The Gulag Archipelago
The Gulag Archipelago is a book by Aleksandr Solzhenitsyn
Aleksandr Solzhenitsyn
Aleksandr Isayevich Solzhenitsyn was aRussian and Soviet novelist, dramatist, and historian. Through his often-suppressed writings, he helped to raise global awareness of the Gulag, the Soviet Union's forced labor camp system – particularly in The Gulag Archipelago and One Day in the Life of...

 based on the Soviet forced labor and concentration camp system. The three-volume book is a narrative relying on eyewitness testimony and primary research material, as well as the author's own experiences as a prisoner
A prisoner is someone incarcerated in a prison, jail or similar facility.Prisoner or The Prisoner may also refer to:* Prisoner of war, a soldier in wartime, held as by an enemy* Political prisoner, someone held in prison for their ideology...

 in a gulag
The Gulag was the government agency that administered the main Soviet forced labor camp systems. While the camps housed a wide range of convicts, from petty criminals to political prisoners, large numbers were convicted by simplified procedures, such as NKVD troikas and other instruments of...

 labor camp
Labor camp
A labor camp is a simplified detention facility where inmates are forced to engage in penal labor. Labor camps have many common aspects with slavery and with prisons...

. Written between 1958 and 1968 (dates given at the end of the book), it was published in the West in 1973, thereafter circulating in samizdat
Samizdat was a key form of dissident activity across the Soviet bloc in which individuals reproduced censored publications by hand and passed the documents from reader to reader...

 (underground publication) form in the Soviet Union until its official publication in 1989.

GULag or Gulág is an acronym for the Russian term Glavnoye Upravleniye ispravitelno-trudovyh Lagerey (Главное Управление Исправительно-трудовых Лагерей), or "Chief Administration of Corrective Labour Camps", the bureaucratic name of the Soviet concentration camp main governing board, and by metonymy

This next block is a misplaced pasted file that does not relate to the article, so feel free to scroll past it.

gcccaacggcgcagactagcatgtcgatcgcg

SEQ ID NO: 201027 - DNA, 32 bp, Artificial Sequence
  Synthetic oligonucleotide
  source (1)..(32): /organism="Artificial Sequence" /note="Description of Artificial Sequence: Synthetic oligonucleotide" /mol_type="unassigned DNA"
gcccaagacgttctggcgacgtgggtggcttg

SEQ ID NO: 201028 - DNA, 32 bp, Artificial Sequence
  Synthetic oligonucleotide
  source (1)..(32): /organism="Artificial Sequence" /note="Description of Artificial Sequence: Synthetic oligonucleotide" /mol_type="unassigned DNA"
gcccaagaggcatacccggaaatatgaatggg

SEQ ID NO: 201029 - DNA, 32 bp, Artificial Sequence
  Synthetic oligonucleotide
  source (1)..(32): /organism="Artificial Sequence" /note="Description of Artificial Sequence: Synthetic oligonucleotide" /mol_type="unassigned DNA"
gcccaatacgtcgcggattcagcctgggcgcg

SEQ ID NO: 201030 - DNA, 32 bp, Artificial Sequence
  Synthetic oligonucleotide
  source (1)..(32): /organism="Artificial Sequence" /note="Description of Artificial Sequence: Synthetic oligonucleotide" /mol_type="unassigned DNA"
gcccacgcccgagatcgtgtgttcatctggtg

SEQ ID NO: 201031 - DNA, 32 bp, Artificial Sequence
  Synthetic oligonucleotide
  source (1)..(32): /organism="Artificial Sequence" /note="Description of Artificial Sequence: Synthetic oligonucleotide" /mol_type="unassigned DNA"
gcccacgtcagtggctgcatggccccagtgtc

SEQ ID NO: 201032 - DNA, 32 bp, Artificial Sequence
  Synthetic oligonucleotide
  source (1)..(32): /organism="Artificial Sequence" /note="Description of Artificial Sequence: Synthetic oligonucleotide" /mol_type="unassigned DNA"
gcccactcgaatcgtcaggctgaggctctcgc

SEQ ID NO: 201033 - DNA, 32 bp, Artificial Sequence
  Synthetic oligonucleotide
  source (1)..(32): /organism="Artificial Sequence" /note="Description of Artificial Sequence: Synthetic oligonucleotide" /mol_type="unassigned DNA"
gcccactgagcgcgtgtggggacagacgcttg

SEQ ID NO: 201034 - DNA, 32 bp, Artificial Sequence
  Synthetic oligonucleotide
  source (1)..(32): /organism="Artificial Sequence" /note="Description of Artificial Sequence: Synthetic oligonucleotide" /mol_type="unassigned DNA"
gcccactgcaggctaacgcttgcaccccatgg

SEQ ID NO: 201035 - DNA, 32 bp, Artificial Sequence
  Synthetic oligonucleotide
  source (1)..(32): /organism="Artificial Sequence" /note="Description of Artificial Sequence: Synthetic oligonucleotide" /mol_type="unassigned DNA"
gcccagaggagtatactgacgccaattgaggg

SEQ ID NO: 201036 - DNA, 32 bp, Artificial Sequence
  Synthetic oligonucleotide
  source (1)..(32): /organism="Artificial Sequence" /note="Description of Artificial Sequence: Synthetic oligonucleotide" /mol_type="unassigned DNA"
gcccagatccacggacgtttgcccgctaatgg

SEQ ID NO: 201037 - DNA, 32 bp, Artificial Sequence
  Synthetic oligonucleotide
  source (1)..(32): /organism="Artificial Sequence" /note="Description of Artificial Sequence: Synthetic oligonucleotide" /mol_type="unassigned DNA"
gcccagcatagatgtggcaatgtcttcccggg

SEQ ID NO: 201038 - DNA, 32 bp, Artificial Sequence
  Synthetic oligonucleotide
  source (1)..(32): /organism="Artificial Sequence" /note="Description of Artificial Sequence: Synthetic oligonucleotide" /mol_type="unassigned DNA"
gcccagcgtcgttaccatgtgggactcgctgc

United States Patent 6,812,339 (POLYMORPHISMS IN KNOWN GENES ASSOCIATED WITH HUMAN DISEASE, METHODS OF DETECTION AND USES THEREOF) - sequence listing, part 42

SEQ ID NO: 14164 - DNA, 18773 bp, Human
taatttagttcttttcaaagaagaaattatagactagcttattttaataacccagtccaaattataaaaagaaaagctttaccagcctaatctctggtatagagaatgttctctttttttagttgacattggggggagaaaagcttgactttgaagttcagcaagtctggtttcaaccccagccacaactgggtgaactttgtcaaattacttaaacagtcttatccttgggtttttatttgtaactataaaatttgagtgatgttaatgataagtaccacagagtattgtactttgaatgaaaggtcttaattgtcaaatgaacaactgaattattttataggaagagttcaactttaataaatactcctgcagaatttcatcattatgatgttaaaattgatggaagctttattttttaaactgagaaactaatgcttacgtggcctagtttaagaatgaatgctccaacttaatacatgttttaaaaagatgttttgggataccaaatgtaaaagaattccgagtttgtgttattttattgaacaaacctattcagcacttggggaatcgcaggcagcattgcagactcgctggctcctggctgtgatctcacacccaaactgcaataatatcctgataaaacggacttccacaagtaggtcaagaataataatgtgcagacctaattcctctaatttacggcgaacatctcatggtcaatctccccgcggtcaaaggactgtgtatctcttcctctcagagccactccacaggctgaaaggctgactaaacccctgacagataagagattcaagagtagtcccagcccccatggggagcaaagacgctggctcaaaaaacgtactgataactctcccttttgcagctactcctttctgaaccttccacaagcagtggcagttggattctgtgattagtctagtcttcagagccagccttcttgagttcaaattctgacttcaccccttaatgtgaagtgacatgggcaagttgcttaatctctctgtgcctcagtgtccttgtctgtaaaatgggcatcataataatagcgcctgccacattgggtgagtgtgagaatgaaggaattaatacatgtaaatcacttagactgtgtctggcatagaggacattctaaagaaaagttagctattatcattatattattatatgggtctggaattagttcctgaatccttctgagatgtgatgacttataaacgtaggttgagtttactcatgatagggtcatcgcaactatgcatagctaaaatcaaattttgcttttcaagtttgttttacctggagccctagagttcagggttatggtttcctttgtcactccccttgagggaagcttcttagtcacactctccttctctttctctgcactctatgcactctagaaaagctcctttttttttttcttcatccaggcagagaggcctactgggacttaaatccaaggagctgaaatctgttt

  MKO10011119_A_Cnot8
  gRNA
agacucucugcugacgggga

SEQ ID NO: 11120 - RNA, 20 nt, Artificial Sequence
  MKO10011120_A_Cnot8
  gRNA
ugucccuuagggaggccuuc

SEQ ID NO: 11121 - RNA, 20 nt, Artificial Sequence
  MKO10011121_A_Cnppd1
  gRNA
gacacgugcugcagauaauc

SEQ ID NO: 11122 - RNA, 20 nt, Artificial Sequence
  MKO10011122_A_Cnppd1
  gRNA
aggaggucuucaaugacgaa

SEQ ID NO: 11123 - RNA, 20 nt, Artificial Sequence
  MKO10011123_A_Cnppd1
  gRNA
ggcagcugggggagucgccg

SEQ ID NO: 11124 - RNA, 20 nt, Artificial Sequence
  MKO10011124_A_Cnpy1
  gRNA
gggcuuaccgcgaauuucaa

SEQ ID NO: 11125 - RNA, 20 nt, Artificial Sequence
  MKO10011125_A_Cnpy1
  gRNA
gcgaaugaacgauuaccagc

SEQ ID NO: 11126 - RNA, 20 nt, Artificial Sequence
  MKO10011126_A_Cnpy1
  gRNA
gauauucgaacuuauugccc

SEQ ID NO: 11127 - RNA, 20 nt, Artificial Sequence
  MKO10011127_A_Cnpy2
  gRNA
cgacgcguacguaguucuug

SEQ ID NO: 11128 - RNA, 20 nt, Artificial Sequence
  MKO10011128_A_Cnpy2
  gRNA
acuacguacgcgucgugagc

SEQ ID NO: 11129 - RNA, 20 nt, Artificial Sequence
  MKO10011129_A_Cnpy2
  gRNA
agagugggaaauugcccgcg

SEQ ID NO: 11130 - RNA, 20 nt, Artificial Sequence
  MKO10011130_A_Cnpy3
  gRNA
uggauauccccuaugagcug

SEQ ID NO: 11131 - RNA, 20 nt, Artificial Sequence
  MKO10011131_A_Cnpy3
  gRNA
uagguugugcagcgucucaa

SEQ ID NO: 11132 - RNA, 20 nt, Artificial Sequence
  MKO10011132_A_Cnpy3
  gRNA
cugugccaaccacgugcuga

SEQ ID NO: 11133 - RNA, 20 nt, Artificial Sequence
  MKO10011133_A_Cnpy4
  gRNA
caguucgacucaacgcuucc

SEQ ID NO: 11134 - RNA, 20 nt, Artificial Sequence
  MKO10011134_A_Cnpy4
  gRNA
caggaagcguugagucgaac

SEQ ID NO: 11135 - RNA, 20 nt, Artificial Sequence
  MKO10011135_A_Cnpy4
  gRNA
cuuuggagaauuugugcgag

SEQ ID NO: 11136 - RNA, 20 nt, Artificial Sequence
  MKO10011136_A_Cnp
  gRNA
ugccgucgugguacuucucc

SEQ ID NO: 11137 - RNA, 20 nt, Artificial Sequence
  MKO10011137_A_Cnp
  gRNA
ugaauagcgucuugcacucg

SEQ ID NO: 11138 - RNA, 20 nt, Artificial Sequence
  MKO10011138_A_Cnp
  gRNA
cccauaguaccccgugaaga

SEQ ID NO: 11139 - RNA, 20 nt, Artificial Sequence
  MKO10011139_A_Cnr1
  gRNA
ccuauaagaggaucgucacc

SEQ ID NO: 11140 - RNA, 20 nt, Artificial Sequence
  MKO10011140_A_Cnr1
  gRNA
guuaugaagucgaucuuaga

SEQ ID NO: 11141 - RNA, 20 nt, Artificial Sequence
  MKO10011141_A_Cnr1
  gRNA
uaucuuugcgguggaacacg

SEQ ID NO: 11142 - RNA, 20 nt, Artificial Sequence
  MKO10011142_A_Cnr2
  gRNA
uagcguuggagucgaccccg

Metonymy is a figure of speech used in rhetoric in which a thing or concept is not called by its own name, but by the name of something intimately associated with that thing or concept...

, the camp system itself.

I dedicate this to all those who did not live to tell it. And may they please forgive me for not having seen it all nor remembered it all, for not having divined all of it.


For years, I have with a reluctant heart withheld from publication this already completed book: my obligation to those still living outweighed my obligation to the dead. But now that State Security has seized the book anyway, I have no alternative but to publish it immediately.

"Author's Note"'

We forget everything. What we remember is not what actually happened, not history, but merely that hackneyed dotted line they have chosen to drive into our memories by incessant hammering.

Part I The Prison Industry, Ch. 8 The Law as a Child

In 1944, investigator, proud of his faultless logic [...] told Babitsh: "Investigation and the process are merely juridical figaration, that can't change your destiny, which has been determined before. If it is necessary to shoot you, you'll be shot, even if you're completely innocent."

In 1946, a special rule by plenum of Supreme Court of the USSR (July 12, 1946, nr. 8/5/u) was necessary: "On the possibility of exercising punishment only on those persons, who have committed a certain crime." But this was freely bypassed.


In his instructions on the use of Red Terror, the Chekist M. I. Latsis wrote: "In the interrogation do not seek evidence and proof that the person accused acted in word or deed against Soviet power. The first questions should be: What is his class, what is his origin, what is his education and upbringing? [There is your Sapropelite Committee for you!] These are the questions which must determine the fate of the accused."

Ch 2

Six geologists got Article_58_%28RSFSR_Penal_Code%29Summary|§58-7, everyone ten years, for "deliberate hiding (!-for not discovering!) of a lead deposit for the sake of German arrival"

Ch 2

In the winter of 1934, the agronomists of Pskovsk oblast sowed flax on the snow — exactly as Trofim Lysenko|Lysenko had ordered. The seeds expanded, grew mouldy and died. The vast fields stayed empty throughout the year. Lysenko of course couldn't call the snow a Kulak|kulak or himself an idiot. He accused the agronomists of being kulaks and distorting his technology. And the agronomists were sent to Siberia.

Ch 2